Continue reading 'PACER’s Stylin’: No More 80s Purple'»
by Philippe Cloutier
It all started with the Kindle and Amazon, now the flames are fanning with Apple and the iPad, and this summer an enveloping cloud of smoke and fire will take shape with Google’s e-book endeavor. A significant difference between these competitors is apparent, Amazon and Apple sell hardware and content, where Google looks to sell only content. Google tried their hands in the physical realm of cell-phone devices with the Nexus One and in short: flopped. Their business model rests in the clouds of data they control on the Internet (thanks in part to libraries around the world who offered their collections for scanning). With a hardware lesson and a digital book archive like no other in hand, Google will become a powerhouse in the e-book era.
While a new age of e-books is beginning, we must remain aware of existing privacy issues with Google in general, and specifically, with Google Books. The policies surrounding their upcoming foray are unknown. However, we do know Google’s privacy/copyright history leaves room for improvement. We’ll find out this summer, as Google rolls out their book market, if the right privacy pieces and policies are in place. Yet, no matter how the legal battles take shape or are resolved, e-books are shifting out of niche markets and towards more accessible and easier to use forms. More importantly, consumer options are abounding from proven tech companies with billions to spend. E-books may not affect us today but tomorrow will be a different story.
by Brenna Louzin
The LLOPS PDC has once again wowed me with their creativity, seamless planning, and relevance, mix of cerebral and “in-your’s-face” topics. The 2010 seminar, held Thursday, April 29 at the US Courthouse, opened with Kevin O’Keefe of Real Lawyers Have Blogs fame. O’Keefe, CEO of LexBlog, Inc., delivered an engaging talk that might have been a chat in a coffeehouse. He emphasized the importance of establishing, feeding and sustaining the human side of relationships when using electronic social media technologies. Of course, the fact that he dressed in blue jeans and cowboy boots also supported his down-home message. How refreshing to hear a lawyer say that while it is professionally important to use Twitter, to know how to create and maintain fresh and well-researched blogs, it is vital to listen, to “engage” and to teach others. Sound like good advice for law librarians?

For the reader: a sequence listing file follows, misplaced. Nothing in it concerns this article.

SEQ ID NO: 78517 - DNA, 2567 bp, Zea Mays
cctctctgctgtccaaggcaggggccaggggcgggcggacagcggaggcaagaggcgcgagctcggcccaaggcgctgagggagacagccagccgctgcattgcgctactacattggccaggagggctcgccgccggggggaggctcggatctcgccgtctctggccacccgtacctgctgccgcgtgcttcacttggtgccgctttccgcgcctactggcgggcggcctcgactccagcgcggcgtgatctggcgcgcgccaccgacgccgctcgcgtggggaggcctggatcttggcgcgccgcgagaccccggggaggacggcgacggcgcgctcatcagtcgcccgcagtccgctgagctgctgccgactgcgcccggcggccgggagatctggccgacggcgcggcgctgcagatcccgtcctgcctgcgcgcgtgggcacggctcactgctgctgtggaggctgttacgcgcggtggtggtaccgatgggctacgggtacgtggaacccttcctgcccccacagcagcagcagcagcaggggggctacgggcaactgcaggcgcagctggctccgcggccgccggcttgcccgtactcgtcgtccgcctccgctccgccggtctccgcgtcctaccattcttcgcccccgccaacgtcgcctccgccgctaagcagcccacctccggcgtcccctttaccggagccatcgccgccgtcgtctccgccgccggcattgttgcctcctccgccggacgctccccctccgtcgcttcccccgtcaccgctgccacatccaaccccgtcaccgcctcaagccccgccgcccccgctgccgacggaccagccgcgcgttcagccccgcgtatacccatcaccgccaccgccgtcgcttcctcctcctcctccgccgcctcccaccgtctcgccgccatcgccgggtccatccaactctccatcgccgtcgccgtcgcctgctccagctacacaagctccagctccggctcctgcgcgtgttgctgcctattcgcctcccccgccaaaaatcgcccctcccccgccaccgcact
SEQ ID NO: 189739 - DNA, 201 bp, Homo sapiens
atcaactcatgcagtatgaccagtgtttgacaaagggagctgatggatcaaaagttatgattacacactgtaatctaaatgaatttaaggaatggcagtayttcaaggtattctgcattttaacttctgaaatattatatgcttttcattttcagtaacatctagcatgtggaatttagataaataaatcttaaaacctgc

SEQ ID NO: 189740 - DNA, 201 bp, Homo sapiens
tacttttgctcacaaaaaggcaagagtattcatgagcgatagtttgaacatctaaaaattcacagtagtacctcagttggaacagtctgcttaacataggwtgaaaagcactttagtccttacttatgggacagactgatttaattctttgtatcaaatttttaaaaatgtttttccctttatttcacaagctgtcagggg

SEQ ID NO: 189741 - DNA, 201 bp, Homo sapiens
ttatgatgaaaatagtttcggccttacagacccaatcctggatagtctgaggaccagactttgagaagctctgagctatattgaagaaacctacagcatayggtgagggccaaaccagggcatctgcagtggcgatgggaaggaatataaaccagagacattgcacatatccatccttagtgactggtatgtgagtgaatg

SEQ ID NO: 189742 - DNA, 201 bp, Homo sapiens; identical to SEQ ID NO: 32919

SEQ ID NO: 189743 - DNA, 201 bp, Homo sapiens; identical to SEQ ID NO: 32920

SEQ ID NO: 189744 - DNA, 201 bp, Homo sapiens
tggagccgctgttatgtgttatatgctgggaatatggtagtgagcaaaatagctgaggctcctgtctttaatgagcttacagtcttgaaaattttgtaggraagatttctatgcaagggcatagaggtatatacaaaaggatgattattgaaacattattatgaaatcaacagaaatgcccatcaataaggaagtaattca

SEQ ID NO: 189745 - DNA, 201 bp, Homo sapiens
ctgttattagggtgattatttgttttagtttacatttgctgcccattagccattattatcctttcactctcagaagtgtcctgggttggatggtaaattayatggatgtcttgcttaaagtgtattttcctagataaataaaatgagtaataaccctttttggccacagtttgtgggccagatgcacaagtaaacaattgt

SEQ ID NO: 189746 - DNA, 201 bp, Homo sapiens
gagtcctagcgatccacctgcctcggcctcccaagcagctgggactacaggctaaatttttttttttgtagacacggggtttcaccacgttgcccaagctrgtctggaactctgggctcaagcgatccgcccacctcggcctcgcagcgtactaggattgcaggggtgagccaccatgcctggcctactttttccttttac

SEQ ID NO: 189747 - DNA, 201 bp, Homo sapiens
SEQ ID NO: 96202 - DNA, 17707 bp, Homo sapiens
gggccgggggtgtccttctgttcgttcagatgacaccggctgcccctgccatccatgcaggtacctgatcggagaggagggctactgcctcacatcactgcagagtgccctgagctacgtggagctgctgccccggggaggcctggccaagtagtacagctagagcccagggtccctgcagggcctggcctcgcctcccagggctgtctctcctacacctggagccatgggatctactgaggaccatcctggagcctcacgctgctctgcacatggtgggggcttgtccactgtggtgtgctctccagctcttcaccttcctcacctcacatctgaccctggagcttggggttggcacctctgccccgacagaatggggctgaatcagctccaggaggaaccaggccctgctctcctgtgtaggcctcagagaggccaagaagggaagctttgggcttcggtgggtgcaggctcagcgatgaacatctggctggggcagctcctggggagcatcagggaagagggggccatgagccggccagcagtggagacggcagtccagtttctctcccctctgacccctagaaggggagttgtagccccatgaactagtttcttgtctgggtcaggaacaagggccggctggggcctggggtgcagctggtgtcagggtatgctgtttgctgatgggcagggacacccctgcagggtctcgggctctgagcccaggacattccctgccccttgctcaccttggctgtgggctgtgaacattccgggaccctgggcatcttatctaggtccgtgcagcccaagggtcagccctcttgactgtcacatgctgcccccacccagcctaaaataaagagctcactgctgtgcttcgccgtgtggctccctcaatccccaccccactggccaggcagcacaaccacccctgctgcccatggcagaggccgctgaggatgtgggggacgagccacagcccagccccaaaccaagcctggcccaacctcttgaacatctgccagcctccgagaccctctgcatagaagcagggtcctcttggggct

Continue reading 'Occupational Therapy for LawLibrarians: 2010 LLOPS Workshop'»
by Barbara Swatt Engstrom
Where to begin with a review of this spring’s American Society of International Law conference? Maybe with how hard it is to choose just one program to attend for any given time slot when two others look equally interesting; or the keynote speech that made major national news; or how the panelists engage in real debate on issues; or maybe how nice it is to be in Washington D.C. in the springtime?
Well, it turns out that springtime in D.C. was a lot like springtime in Seattle. Cold and rainy. Maybe it was the all the snow they got this winter, but the cherry blossoms weren’t quite there yet. In the long run, I didn’t have much time for wandering around among the cherry blossoms anyway because the conference schedule was packed.
Continue reading 'Springtime at the ASIL Conference'»
by Karen Helde
I was charmed by a recent NPR story on Senator Dodd’s financial reform bill.
Yes, I just typed “charmed” and “financial reform” in the same sentence. Intrigued? Go ahead and listen. No, don’t read the transcript – you need to listen.
Reporters Adam Davidson and Chana Joffe-Walt must have realized that their topic had the potential to glaze the eyes of even their most dedicated listeners. So Davidson invited his dad, a professional Shakespearean actor, to read excerpts from the bill. The senior Mr. Davidson does a beautiful job of giving both gravity and grace to the language. To his credit, he resists hamming it up (but does sound like he’s having fun).
Continue reading 'To be too big to fail,or not to be too big to fail . . .'»